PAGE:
Did you catch that last part? Everything was becoming blurry… what one may liken to a traffic report that warns of reduced visibility behind the wheel in deteriorating weather. But I was not outside on a foggy day. Not that long ago, I literally was deteriorating and suffering reduced visibility when my vision started to go out of focus.
It was the noon hour. I was running rapidly on a treadmill at an interval training class that I routinely attend. I don’t remember what song was playing, but it might as well have been Jackson Browne’s “Running on Empty.” Quite suddenly, my sight became cloudy. I started to feel about as balanced as a drunkard on an ice skating rink. So, what was happening? Essentially, I was all dried up. As it turned out, I needed a microscope to see the miniscule amount of hydration sense that I had that day. My pre-workout sustenance that morning had been two cups of black, sugarless coffee and a small square of dark chocolate. Absolutely ideal for someone with a family history of hypertension and who’s passed out from dehydration before, right? I suppose we’re all entitled to occasional lapses in common sense, but for reasons unknown to this usually well hydrated fitness fanatic, my common sense in this instance had plunged deeper than the Marianas Trench. The only thing I did do right up to this point in the day was immediately get off the treadmill when my sinking spell started. I managed to plop down on an aerobics step platform, hang my head between my legs and just breathe. I imagine I looked like a boxer who had just lost a bout in the ring. I’m lucky to have avoided my own technical knockout. I was able to stand up again after about fifteen minutes, at which point I hauled myself to a juice bar down the street. Liquefied celery never tasted so good.
There’s no doubt that self-drought was what nearly took me down that hour, but it was a Carcassonnian fortress of positive affirmation that proved stronger. It was my “sankalpa,” a Sanskrit word roughly translated as a commitment toward positive change… in essence, a motivational phrase. Examples include “I choose to be happy” and “My challenges are my opportunities for success.” The one I had on my brain that day and that I had been proposing to participants in my yoga classes around that time was this: “I listen to my body and respond compassionately.” I came across it during my Yoga Tune Up® studies. Words truly can be powerful when all else is failing you.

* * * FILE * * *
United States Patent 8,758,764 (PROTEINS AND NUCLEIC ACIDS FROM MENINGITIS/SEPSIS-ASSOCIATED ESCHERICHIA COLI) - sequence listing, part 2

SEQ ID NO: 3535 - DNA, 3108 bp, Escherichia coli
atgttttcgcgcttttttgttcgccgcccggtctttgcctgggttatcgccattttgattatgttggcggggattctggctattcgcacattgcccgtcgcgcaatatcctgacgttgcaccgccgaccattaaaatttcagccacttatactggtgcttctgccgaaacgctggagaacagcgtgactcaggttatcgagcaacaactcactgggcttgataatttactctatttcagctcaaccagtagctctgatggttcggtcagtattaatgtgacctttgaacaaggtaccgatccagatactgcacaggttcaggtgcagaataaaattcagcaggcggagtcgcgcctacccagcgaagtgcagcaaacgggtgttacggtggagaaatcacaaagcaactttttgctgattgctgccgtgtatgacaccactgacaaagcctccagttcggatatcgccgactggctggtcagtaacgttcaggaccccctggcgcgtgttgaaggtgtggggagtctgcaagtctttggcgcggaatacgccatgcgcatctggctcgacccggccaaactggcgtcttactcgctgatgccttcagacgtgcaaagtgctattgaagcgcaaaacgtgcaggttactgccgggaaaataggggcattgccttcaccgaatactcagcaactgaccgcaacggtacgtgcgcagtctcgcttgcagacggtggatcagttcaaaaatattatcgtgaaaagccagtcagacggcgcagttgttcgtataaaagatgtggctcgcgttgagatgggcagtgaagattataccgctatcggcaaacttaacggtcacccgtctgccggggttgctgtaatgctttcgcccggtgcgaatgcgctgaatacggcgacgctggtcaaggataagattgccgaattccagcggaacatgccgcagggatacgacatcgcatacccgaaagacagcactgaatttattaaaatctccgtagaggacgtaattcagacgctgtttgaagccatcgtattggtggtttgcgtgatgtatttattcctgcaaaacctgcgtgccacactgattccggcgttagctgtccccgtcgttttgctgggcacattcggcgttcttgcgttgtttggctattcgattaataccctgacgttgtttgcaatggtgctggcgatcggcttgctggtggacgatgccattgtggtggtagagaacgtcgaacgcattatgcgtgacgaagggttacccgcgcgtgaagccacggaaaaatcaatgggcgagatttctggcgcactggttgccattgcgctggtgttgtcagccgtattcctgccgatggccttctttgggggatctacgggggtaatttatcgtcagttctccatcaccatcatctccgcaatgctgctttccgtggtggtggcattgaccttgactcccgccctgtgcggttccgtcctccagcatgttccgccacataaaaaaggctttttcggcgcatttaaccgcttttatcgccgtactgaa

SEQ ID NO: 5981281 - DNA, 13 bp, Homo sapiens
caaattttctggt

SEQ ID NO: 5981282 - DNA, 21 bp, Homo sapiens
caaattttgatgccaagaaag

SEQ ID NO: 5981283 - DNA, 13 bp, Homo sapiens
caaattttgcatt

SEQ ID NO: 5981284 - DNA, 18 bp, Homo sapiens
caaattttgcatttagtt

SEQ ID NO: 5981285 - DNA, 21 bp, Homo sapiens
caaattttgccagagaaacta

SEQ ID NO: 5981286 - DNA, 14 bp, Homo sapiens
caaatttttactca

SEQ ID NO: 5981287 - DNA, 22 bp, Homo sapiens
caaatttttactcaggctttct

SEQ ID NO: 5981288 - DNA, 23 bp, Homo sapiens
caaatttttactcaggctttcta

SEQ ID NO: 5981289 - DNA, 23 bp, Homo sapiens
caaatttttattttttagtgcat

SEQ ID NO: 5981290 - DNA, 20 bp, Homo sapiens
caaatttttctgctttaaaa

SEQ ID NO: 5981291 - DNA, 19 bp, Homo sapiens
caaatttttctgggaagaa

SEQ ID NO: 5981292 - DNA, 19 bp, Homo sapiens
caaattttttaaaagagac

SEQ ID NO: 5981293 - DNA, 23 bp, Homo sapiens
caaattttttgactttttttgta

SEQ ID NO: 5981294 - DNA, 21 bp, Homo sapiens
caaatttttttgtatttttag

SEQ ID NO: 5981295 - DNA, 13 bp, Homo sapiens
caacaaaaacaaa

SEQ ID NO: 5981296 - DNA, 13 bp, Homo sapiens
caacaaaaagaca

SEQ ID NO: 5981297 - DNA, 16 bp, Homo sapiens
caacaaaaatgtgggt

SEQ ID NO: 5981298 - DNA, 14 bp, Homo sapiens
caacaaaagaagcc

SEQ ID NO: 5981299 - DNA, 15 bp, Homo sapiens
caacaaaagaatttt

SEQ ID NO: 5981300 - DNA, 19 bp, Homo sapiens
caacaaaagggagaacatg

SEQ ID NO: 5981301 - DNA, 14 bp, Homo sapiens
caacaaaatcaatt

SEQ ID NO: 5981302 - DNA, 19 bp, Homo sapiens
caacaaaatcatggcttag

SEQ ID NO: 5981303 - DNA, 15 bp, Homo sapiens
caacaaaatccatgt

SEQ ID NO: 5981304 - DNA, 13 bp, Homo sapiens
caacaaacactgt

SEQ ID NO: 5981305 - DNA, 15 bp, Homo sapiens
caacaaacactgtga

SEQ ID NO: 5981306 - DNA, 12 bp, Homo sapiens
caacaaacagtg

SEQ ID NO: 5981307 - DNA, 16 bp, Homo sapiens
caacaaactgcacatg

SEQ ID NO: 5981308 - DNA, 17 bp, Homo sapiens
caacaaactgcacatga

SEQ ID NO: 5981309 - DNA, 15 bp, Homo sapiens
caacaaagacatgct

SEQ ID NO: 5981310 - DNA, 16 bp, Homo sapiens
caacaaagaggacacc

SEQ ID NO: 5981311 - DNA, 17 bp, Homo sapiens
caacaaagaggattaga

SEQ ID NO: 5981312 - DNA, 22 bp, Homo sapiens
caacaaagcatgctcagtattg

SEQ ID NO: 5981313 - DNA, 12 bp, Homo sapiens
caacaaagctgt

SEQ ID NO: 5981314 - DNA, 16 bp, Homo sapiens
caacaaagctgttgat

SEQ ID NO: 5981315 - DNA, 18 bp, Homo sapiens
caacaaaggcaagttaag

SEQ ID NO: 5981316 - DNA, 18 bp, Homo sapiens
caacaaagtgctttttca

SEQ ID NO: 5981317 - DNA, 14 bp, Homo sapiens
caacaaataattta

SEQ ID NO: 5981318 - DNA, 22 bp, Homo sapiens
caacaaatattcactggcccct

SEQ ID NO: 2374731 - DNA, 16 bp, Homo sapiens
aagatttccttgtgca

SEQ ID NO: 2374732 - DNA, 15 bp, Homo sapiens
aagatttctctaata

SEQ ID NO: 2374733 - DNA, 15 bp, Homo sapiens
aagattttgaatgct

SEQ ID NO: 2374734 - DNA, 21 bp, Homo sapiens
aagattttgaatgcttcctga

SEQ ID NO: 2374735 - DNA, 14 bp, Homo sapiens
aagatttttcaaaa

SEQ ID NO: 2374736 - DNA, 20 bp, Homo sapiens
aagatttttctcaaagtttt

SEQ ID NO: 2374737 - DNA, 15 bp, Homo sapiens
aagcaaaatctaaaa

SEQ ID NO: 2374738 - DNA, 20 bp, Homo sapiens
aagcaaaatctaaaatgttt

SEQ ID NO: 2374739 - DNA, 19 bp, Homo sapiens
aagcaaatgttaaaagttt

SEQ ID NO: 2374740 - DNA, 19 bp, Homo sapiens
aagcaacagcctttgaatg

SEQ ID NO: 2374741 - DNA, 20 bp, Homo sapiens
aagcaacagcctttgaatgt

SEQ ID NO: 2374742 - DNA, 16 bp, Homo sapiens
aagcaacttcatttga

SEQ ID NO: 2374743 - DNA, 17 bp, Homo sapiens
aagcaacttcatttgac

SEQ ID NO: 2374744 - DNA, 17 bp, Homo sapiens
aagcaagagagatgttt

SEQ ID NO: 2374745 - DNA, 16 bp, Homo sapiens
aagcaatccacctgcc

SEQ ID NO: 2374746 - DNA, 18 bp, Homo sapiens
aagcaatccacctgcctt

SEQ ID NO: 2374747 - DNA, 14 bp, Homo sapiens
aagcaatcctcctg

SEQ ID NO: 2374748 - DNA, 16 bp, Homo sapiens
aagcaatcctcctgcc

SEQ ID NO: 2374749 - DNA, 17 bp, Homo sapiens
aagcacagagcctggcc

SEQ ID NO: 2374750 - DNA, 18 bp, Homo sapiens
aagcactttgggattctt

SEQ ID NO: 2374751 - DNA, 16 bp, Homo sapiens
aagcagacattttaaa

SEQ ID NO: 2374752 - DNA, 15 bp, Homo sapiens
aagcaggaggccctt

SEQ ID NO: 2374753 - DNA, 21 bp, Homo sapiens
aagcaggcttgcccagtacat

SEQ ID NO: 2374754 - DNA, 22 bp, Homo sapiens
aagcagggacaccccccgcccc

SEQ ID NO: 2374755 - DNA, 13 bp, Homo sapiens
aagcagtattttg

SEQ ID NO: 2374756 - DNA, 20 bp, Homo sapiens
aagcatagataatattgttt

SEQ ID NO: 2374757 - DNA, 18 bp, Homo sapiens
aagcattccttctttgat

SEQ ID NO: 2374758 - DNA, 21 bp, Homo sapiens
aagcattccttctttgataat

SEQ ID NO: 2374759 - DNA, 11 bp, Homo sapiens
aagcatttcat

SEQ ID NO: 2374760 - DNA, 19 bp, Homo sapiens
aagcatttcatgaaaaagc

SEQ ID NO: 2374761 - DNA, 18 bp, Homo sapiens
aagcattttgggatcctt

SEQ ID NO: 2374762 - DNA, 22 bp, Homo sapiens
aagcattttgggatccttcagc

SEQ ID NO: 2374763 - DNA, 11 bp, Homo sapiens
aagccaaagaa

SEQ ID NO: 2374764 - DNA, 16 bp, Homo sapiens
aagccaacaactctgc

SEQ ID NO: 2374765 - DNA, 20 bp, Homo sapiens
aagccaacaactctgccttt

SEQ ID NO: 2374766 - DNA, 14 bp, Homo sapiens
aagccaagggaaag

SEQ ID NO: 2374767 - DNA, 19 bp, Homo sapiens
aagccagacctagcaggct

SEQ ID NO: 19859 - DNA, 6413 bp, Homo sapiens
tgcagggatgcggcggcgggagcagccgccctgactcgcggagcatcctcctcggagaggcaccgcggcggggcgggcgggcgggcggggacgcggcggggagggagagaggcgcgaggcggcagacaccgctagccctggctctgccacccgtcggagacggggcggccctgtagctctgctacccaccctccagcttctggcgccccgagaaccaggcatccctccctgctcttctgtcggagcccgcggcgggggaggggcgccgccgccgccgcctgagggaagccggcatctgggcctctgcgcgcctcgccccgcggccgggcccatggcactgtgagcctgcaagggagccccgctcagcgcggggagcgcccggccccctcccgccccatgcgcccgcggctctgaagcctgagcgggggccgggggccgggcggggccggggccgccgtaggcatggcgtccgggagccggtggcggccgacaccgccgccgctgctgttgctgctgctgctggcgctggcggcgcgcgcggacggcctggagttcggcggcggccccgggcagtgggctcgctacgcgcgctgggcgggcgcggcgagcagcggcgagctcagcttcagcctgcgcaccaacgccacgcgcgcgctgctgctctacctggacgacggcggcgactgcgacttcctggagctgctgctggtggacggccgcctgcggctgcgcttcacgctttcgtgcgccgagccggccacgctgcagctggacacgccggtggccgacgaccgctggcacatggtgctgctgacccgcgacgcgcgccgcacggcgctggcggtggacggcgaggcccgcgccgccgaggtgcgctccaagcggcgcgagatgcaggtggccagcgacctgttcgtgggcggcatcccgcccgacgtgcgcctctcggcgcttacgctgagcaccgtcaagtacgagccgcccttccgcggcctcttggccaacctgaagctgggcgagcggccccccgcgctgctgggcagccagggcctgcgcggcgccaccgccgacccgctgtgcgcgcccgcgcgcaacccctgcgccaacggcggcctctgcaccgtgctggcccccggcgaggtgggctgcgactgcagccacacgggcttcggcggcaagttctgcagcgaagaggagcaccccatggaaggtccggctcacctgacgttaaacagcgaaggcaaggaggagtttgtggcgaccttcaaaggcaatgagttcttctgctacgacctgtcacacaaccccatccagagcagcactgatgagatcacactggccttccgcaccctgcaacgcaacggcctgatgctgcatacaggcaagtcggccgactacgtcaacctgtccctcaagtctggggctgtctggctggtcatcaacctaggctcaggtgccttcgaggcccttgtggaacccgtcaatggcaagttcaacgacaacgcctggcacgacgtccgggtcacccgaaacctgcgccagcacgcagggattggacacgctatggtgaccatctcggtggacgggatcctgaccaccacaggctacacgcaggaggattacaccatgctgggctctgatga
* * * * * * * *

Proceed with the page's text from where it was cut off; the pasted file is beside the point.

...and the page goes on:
It may sound ludicrous to associate compassion with sprinting on a treadmill. Most of my fitness-related acts of self-compassion in recent times had been opting for a few lazy hamstring stretches on my back over attending an advanced yoga class. But I think the parameters of compassion’s context are open to interpretation. If you’re on the brink of keeling over but can will yourself to sustain consciousness long enough to sit down and rest, I’d call that compassion. This is when interval training entered the realm of mind-body wellness. I’d say running on a treadmill is largely a brainless activity. There’s often a disconnect between what’s happening above and below the shoulders. You may be busy thinking about your grocery list and what time you’re picking up junior from school, but paying no attention to your stride or to that odd pain in your lower back. Sure, we’re human and distractions creep their way into our minds all the time. But, you owe it to yourself – and your health – to truly give heed to everything that’s happening in the moment.
I’m fortunate that the concept of sankalpa already had been so well instilled in me. If you say something to yourself long enough, it eventually leaves an impression. Even though I’ve been a yoga practitioner for over a decade, I find I still struggle with the mind-body connection. This is why I devote time to practicing with my students while I teach because I find my body often thinks of poses and exercises that my mind doesn’t. It could be that sankalpa is the neglected ambassador ready and willing to create the handshake between brains and brawn. It’s comparable to what I’ve heard sports commentators call “the intangibles.” You may have Roger Federer’s grace of movement and Serena Williams’s steely determination, but, in isolation, neither will guarantee success in your endeavors. Taking a page from the American football handbook, sankalpa is the ultimate “twelfth man” ready to cheer you on and remind you of all the physical and mental good (and common sense) of which you’re capable.
You’ll probably need to experiment with which sankalpa works best for you. It depends on what you want to change in your life. Once you have it, say it to yourself and say it often. The yoga mat is a great starting point, but so is your bed. Before you even lift your head from your pillow, with your green thumb of mind-body horticulture, make that commitment to yourself. You may have several sankalpas to accommodate your needs. Whatever you go with, trust your gut and make sure your inner voice of reason speaks with a megaphone instead of a whisper.